As we all know, people are creatures of habit, and the comfort of routine is difficult to change due to the perceived safety and stability it provides. Work routine is something that people are especially loath to change, with these routines often having been painstakingly constructed over many months and years in order to fully maximise productivity and well being.
The recent worldwide disruption caused by COVID-19 has resulted in seismic changes to most people’s work routine, with a large majority having to work from home at an instant’s notice, meaning some were thrust into conditions that were less-than-ideal and far from conducive to optimising work output.
Over the course of the past 3 months, once the initial shock and novelty subsided, a new form of work routine emerged for many; one based around flexibility, genuine work-life balance, comfort, and lots of video calls.
With the looming lifting of many lockdown restrictions, organisations are well along the path of planning the return to the office, with some already operating in relative normality in this respect.
The work routine of many is about to significantly change once more, so now is a good time for HR people to think about which aspects of their teams routine have worked best, and which haven’t worked at all.
Here we look at three intrinsic factors that help or hinder routines to consider for your team as they return to the office,
During that crazy first month of lockdown, it’s fair to say a lot of people ran the whole gamut of emotions, from fear to boredom, anxiety to excitement, and confusion to amusement. Riding this emotional rollercoaster had an impact on everyone’s work life, with some days proving impossible to concentrate and motivate oneself, such was the speed and shockingness of each news update.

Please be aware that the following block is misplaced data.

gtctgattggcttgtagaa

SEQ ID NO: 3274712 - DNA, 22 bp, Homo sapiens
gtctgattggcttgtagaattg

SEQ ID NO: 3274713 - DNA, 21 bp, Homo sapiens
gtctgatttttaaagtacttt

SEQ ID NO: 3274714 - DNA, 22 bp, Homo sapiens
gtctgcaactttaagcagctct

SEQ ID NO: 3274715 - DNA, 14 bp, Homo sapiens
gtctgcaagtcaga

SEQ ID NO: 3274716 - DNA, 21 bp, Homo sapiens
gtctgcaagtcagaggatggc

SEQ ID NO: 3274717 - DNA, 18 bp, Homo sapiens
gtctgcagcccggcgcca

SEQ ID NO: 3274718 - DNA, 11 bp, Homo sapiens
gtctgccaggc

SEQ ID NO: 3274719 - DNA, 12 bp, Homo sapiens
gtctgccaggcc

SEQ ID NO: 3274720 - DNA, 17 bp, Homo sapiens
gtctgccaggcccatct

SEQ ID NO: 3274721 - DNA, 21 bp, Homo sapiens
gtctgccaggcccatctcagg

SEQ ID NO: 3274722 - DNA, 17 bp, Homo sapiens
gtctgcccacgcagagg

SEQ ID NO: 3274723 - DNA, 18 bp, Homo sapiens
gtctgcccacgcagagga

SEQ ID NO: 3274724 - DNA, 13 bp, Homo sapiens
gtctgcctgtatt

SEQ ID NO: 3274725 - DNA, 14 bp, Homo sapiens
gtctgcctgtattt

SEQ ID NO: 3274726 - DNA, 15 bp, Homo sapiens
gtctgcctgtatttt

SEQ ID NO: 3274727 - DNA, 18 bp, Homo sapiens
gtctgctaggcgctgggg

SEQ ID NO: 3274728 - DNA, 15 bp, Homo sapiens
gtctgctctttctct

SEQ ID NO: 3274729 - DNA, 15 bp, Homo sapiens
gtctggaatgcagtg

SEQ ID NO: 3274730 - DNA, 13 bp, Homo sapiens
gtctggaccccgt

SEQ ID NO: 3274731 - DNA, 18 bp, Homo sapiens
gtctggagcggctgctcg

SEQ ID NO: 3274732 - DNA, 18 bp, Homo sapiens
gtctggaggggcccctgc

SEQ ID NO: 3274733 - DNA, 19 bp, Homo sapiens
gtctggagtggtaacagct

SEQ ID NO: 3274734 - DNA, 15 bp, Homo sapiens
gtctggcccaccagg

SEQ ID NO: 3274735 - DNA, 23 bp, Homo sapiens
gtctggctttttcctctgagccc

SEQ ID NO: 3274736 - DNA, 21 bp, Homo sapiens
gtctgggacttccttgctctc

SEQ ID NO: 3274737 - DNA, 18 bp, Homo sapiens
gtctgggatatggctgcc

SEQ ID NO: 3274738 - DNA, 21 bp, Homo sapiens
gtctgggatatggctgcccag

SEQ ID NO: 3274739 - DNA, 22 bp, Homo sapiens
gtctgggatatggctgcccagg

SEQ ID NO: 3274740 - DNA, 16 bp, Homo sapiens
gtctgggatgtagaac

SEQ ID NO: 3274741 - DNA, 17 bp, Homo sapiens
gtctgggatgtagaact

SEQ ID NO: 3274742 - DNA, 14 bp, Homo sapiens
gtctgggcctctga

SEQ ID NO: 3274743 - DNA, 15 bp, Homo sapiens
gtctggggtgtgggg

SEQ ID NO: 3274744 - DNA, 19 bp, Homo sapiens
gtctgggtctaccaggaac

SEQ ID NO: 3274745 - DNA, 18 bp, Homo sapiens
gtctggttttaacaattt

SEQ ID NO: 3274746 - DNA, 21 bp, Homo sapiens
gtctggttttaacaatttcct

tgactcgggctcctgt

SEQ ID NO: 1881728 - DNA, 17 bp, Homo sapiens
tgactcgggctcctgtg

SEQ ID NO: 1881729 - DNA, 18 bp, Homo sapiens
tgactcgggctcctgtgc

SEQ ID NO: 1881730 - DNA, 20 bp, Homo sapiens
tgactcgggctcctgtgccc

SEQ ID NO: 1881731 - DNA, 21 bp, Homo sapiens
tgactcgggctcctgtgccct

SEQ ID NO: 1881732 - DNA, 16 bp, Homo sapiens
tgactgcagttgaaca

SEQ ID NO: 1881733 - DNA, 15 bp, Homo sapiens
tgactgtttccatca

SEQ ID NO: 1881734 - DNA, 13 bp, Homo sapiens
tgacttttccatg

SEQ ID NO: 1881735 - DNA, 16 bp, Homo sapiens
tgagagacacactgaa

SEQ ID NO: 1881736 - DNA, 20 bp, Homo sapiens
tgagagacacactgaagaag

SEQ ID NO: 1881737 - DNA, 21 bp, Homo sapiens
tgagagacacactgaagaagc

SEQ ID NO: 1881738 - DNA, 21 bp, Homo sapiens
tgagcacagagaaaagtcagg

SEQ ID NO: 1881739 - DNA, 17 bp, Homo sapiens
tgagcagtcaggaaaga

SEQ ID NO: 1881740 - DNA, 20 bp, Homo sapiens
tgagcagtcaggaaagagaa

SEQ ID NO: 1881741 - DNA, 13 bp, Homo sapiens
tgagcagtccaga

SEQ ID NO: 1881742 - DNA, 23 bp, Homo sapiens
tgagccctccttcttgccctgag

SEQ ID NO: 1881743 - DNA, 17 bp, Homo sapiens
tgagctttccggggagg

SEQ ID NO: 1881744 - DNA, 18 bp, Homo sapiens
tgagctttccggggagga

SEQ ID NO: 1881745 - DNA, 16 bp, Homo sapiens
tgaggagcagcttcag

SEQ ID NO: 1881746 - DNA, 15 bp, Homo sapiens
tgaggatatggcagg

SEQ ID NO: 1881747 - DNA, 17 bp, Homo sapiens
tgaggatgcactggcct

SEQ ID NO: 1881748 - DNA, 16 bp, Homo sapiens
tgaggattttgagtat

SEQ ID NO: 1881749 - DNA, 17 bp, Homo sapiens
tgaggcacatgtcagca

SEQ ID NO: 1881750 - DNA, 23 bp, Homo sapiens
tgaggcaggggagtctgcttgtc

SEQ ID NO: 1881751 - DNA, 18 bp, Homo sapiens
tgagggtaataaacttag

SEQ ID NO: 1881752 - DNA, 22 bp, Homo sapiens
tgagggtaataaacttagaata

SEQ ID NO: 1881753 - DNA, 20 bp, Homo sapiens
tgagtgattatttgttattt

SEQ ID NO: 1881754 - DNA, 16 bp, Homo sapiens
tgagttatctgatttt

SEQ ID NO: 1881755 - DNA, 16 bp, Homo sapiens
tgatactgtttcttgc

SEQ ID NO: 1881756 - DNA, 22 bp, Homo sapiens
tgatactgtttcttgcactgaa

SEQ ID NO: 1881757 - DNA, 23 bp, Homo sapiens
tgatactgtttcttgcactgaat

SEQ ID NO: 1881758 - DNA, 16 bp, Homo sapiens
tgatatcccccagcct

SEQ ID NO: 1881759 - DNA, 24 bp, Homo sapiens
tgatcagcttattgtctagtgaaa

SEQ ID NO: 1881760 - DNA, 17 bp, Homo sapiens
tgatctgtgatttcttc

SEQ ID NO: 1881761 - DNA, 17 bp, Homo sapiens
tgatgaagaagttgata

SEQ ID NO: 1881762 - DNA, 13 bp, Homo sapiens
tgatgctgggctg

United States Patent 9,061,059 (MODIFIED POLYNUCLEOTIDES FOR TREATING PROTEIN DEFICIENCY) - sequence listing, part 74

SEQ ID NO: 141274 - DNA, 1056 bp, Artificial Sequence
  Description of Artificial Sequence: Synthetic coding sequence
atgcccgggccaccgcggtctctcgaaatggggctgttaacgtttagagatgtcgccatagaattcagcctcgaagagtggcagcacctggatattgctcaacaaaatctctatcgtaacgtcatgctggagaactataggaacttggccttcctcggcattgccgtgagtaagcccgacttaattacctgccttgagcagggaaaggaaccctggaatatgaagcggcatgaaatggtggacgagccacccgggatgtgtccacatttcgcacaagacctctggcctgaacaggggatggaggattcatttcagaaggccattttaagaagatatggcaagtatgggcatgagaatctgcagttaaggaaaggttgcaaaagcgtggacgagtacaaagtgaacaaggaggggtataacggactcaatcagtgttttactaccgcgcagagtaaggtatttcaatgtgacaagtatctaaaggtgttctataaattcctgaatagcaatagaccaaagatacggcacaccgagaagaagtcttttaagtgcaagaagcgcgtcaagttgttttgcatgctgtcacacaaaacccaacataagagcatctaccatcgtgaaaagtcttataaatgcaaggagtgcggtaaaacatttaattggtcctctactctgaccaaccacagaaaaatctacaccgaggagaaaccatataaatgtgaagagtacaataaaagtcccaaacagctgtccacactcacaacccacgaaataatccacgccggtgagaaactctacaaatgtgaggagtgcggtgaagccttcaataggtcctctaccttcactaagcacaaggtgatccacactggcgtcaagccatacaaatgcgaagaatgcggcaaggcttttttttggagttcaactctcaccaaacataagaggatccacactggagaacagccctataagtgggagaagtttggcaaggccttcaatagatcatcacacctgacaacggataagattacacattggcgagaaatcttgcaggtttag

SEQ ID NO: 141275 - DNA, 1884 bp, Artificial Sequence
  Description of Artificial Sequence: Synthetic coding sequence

Working from home for so long since then has been equally the challenge motivation-wise, with the co-worker inspired buzz and chatter that the office provides to many proving quite difficult to replicate over video calls and messaging. This has meant motivation for some days has to be completely summoned from within, not an easy task for people with a myriad of fresh distractions and potentially bad news in their personal lives.
For others, the reduced contact with co-workers has been a blessing for their work, with the ability to “put the blinkers on” and deeply concentrate on their tasks being the only motivation they need.
When returning to the office, it’s a good time, as an HR person, to encourage your team to take stock of why some days were easier motivation-wise than others, and for you to use those days as a marker for employees to aspire to when the commute starts up again.
Being comfortable, whether that be via the clothes we wear, the physical space where we work, or even the temperature in or outdoors, is often something that contributes heavily to our work routine. For the most part, people want to be comfortable to be able to fully focus on work, and finding this optimum level of comfort during lockdown has been a key part of employees routines.
At home, some people have been dressing like they are going to the office, some have gone for the full trackies and old t-shirt look, and others have gone for something in between – dressed up enough to get into that ‘office’ mindset, but also relaxed enough to acknowledge the reality that they are still at home.